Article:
Blood-stained scars above and below the eyes. Deep scratches stretch the length of the face. A jagged cut marks the center of the forehead. This can’t be me, I thought. A shot of anger springs from confusion: God, give me myself back. This isn’t me. My blood ceases to boil, senses ease. Although I’m hesitant, I begin to touch my face. Some of the scars begin to shed their shells of dried blood. I don’t recognize myself.

Big Expectations for UConn Men


Big Dogs

Column By Chelsea Murray

   My six year old eyes could hardly see what was going on 50 rows in front of me. I could see and hear some men running around in shorts, bouncing an orange ball up and down off the floor. The Hartford Civic Center was almost silent and a man caught my eye down on the court. The man was jumping up and down and I could hear his bellowing screams all the way from where I was sitting.

Waterbury Observer Launches Youth Section

Following the Path

Column By Quajay Donnell

    Eleven years ago I started to write a youth oriented column within The Waterbury Observer. I was a young and eager kid, who was committed to creating a forum for young people to be heard. I wrote in my first published work in the Observer, "Those youth who are setting the pace may never be heard like I am. The probable leaders shouldn't be ignored by leaders of today ... I will also show the positive teens, urban and suburban, who do right for themselves and others..."

Surviving Nazi Death Camps


Jewish Couple Survived Holocaust, 
Built Home in Waterbury

Story By John Murray

   The odor in the boxcar was piped in from hell. Vapors of death filled the men's nostrils as they crammed inside the train like sardines in a tin. Dead bodies of Jews were hurled from the train as it clattered down the tracks, leaving a trail of corpses along the German countryside.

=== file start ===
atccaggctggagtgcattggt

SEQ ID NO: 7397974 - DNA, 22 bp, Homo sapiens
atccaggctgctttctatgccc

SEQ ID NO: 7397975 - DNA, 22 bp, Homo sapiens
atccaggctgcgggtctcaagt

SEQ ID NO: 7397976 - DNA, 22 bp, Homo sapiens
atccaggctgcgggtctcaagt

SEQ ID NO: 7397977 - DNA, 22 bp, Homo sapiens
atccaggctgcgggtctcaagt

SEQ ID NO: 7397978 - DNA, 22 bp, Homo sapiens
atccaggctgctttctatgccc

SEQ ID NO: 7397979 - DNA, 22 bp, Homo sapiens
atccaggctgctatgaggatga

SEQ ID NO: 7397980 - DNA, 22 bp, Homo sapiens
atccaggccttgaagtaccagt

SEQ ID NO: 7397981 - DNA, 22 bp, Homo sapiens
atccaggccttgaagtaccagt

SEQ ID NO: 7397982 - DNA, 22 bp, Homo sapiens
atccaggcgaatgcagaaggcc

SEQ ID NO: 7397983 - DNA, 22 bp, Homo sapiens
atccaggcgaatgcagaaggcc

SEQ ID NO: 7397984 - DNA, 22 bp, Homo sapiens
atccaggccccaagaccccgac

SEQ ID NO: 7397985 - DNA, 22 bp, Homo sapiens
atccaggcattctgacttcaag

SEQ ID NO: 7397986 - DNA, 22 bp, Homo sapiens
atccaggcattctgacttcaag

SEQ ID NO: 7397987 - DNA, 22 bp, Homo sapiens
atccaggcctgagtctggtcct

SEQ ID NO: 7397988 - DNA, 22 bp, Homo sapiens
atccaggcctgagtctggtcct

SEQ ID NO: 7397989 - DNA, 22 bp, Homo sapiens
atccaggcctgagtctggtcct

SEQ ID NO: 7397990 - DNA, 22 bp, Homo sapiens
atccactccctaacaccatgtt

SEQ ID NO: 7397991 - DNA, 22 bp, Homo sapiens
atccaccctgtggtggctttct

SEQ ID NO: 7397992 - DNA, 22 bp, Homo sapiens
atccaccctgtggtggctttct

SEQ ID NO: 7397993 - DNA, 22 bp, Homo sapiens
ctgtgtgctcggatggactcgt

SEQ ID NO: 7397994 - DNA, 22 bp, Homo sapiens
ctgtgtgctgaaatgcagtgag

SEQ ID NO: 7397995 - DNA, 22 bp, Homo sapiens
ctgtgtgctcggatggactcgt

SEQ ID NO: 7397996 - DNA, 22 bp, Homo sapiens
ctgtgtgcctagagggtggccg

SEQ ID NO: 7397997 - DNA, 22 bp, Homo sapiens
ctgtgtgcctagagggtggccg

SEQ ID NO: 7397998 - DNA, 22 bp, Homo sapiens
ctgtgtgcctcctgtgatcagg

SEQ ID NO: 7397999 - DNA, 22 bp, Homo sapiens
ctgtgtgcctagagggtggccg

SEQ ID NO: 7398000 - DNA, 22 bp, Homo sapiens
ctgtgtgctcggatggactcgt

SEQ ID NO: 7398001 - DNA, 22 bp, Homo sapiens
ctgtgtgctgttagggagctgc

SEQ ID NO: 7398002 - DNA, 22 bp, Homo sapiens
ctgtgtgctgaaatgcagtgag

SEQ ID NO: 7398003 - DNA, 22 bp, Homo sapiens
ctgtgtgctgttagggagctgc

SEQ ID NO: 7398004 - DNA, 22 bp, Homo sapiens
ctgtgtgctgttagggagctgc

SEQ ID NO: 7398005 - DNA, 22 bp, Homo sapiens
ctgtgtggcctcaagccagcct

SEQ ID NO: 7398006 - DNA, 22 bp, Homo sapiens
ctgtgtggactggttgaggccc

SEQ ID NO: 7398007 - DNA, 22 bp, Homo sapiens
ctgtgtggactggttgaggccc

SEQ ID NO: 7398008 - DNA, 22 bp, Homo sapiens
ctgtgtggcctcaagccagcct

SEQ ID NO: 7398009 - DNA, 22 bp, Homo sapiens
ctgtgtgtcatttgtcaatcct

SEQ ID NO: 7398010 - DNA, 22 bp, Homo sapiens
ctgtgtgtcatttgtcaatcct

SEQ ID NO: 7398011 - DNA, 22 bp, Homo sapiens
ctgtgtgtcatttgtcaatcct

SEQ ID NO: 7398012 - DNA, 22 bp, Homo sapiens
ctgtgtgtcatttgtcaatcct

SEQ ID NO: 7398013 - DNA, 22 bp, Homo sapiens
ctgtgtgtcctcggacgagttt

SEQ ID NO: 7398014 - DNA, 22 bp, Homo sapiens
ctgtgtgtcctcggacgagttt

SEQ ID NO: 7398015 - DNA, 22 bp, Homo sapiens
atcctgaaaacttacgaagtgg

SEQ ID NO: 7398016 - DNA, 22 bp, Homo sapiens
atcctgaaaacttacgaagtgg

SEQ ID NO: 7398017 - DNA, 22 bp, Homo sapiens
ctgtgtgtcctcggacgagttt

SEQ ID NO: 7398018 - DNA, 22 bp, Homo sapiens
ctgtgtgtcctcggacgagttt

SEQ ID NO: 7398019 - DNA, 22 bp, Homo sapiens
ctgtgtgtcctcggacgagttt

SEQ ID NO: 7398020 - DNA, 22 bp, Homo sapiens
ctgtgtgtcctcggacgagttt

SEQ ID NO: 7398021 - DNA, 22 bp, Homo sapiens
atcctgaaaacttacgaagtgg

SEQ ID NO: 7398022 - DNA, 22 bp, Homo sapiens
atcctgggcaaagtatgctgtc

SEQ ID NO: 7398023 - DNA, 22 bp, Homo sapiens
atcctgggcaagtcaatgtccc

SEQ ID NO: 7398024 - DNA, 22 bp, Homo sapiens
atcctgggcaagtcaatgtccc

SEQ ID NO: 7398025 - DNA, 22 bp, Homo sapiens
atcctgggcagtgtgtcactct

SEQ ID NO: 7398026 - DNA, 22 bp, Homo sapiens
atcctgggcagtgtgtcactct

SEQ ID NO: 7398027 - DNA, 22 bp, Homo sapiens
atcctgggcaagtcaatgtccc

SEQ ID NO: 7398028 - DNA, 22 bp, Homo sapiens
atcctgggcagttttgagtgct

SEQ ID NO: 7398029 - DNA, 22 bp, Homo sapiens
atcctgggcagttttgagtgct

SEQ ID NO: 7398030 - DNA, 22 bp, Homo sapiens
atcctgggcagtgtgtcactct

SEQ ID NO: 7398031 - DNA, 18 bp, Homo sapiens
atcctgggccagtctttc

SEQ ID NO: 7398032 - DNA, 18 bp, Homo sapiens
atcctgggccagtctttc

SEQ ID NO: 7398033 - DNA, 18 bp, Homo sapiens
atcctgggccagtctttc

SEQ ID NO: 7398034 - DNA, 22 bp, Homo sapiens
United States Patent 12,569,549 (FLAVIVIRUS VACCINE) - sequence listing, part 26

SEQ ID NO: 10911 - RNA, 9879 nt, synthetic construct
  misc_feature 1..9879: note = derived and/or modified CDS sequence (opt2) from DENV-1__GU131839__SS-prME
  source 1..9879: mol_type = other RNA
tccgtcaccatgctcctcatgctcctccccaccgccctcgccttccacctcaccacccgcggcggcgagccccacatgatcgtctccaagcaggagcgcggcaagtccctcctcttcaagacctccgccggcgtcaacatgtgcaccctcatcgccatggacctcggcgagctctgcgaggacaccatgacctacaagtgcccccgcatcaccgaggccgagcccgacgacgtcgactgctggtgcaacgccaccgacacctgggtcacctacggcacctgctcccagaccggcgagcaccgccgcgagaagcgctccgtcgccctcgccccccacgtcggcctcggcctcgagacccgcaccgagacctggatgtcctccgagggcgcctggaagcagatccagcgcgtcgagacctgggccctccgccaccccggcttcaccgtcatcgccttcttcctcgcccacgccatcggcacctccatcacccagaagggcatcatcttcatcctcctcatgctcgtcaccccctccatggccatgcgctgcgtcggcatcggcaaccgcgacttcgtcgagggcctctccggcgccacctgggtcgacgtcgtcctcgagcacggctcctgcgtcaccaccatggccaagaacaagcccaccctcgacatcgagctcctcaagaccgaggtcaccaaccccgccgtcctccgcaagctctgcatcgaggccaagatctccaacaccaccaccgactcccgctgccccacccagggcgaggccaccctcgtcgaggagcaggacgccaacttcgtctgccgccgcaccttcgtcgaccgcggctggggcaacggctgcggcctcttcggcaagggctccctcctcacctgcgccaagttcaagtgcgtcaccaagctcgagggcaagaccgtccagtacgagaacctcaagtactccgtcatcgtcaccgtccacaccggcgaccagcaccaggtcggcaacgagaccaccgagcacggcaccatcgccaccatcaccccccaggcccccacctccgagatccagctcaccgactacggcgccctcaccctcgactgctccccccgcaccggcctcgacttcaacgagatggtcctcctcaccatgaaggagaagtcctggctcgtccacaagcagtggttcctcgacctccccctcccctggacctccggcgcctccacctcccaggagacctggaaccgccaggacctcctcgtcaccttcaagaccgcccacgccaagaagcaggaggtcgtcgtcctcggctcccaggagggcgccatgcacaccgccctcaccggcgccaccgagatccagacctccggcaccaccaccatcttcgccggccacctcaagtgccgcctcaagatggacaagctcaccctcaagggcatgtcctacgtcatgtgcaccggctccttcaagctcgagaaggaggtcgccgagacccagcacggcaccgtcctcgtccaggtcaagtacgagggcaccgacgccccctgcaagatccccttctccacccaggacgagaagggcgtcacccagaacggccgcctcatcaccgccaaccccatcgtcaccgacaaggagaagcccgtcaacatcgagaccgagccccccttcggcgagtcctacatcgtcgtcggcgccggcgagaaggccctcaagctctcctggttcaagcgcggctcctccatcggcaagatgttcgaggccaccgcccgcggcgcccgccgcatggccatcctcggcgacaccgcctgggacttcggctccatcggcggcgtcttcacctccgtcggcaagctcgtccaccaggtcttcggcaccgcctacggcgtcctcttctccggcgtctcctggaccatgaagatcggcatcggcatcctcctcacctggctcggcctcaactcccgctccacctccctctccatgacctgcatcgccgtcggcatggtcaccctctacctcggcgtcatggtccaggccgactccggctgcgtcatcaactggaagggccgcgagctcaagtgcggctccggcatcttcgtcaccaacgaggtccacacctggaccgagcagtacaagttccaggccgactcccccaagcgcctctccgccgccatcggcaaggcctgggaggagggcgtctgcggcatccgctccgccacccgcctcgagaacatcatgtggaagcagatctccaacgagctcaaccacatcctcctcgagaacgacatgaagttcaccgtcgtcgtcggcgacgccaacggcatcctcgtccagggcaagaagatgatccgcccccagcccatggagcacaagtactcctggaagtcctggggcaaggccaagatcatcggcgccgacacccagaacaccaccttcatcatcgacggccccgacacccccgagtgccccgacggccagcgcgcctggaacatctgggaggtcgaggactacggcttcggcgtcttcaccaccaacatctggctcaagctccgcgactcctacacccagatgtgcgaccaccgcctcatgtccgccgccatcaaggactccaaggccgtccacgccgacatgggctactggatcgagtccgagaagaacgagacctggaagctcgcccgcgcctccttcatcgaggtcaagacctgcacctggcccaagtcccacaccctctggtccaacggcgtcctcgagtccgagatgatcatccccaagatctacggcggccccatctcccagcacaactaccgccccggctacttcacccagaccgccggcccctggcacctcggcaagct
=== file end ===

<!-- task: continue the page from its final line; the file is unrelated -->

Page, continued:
David Singer lay down on matted straw to rest and ease the strain on his hideously swollen knee. He hadn't eaten in a week. After six years of relentless Nazi persecution Singer's ravaged body weighed 100 pounds.

Remembering Tony Bergin

Family Man, City Leader

By Maryanne Moon Boyen

Photo: Tony Bergin and family

   The elements seemed to know that Tony Bergin had died. Torrents of water had wept from the skies on the day of his wake when over a thousand people stood in two-hour lines to pay their respects to his wife and six children.

Remembering Sarah Bauernschmidt Murray

Sarah B. Murray and her 16-year-old granddaughter, Chelsea Murray


                                       By John Murray

   In the early morning of June 17th, 2005, the Waterbury Observer lost its staunchest supporter, a woman who invested $10,000 to help launch the Observer 12 years ago, a woman who floated needed capital into the business when we veered towards the rocks, a woman who championed the paper across all corners of America, and beyond.

   The Observer lost its biggest booster that fateful day in June, but more significantly, I lost my Mom.

Remembering Morris Stein

A Man for All Seasons

Article by Shelly Frome

   At the grand old age of ninety-one, and some months after receiving a humanitarian award, Morris Stein recently took stock of his life and times. He did so as though still firmly at the helm of Waterbury's Torrington Supply Company: keeping track of inventory, everything in its place - a matrix of associations, linkages and connections that make up his world.

Searching For Mayan Treasure

Photo: Freelance writer Dave Howard hiked 40 miles through the largest tract of rain forest left in Central America to reach the lost city of El Mirador, and interview Dr. Richard Hansen.


Hiking Eighty Miles Through A Guatemalan Jungle To The Lost City Of El Mirador

              Story and Photographs By John Murray 


Editor’s Note: The following story is an account of a 12 day adventure that transpired in July 2003 when Observer publisher, John Murray, travelled into the jungles of northeast Guatemala with his friend, Dave Howard, who was on assignment for Travel & Leisure Magazine. Murray was invited along to photograph the expedition and fired off 45 rolls of film. Murray damaged his Canon EOS camera during the journey and 60% of the images were unusable, and totally out of focus. After emerging from the jungle, the good film languished inside the photo department at Travel and Leisure for ten months, and was ultimately never used in Howard’s feature story. By the time the images were returned to Murray, and he had gathered notes, tapes and recollections from Dave Howard, nearly a year had elapsed. For the past 18 months the story lay buried beneath a jungle of details inside Murray’s head. Thankfully, and with great joy and relief, the story has been extracted from the thicket of Murray’s brain. We hope you enjoy the adventure.

One Tough Lady

No Nonsense Kay Wyrick

Story By Maryanne Moon Boyen

    Kay Wyrick could have been a statistic, a mere victim of life’s circumstances. At a tender age, she had plenty of fodder for a future of victimhood; born in Hartford in 1923, by the age of nine she was placed in the custody of the State of Connecticut.